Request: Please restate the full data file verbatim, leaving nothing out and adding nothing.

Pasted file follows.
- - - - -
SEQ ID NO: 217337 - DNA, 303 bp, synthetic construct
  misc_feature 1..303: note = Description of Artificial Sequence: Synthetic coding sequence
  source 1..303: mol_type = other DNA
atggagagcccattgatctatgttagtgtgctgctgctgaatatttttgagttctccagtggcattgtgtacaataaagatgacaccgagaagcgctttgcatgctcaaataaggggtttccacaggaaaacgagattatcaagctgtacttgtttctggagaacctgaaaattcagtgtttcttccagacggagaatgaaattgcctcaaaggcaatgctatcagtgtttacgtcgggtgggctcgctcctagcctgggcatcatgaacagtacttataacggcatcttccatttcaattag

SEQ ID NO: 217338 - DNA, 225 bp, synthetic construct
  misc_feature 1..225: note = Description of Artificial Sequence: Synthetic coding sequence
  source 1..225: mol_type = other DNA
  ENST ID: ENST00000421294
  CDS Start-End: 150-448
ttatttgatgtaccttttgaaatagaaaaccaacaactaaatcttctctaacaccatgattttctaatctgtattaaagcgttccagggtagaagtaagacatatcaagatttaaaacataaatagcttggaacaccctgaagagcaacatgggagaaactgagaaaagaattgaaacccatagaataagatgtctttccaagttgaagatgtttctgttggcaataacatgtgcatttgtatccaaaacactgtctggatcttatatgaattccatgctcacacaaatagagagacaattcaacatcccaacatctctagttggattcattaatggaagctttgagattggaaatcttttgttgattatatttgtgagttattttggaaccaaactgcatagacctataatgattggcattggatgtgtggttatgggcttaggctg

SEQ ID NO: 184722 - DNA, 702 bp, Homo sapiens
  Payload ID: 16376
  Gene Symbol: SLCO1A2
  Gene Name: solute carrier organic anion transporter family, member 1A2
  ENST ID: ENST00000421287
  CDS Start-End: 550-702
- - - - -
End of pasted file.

SEQ ID NO: 217337 - DNA, 303 bp, synthetic construct
  misc_feature 1..303: note = Description of Artificial Sequence: Synthetic coding sequence
  source 1..303: mol_type = other DNA
atggagagcccattgatctatgttagtgtgctgctgctgaatatttttgagttctccagtggcattgtgtacaataaagatgacaccgagaagcgctttgcatgctcaaataaggggtttccacaggaaaacgagattatcaagctgtacttgtttctggagaacctgaaaattcagtgtttcttccagacggagaatgaaattgcctcaaaggcaatgctatcagtgtttacgtcgggtgggctcgctcctagcctgggcatcatgaacagtacttataacggcatcttccatttcaattag

SEQ ID NO: 217338 - DNA, 225 bp, synthetic construct
  misc_feature 1..225: note = Description of Artificial Sequence: Synthetic coding sequence
  source 1..225: mol_type = other DNA
  ENST ID: ENST00000421294
  CDS Start-End: 150-448
ttatttgatgtaccttttgaaatagaaaaccaacaactaaatcttctctaacaccatgattttctaatctgtattaaagcgttccagggtagaagtaagacatatcaagatttaaaacataaatagcttggaacaccctgaagagcaacatgggagaaactgagaaaagaattgaaacccatagaataagatgtctttccaagttgaagatgtttctgttggcaataacatgtgcatttgtatccaaaacactgtctggatcttatatgaattccatgctcacacaaatagagagacaattcaacatcccaacatctctagttggattcattaatggaagctttgagattggaaatcttttgttgattatatttgtgagttattttggaaccaaactgcatagacctataatgattggcattggatgtgtggttatgggcttaggctg

SEQ ID NO: 184722 - DNA, 702 bp, Homo sapiens
  Payload ID: 16376
  Gene Symbol: SLCO1A2
  Gene Name: solute carrier organic anion transporter family, member 1A2
  ENST ID: ENST00000421287
  CDS Start-End: 550-702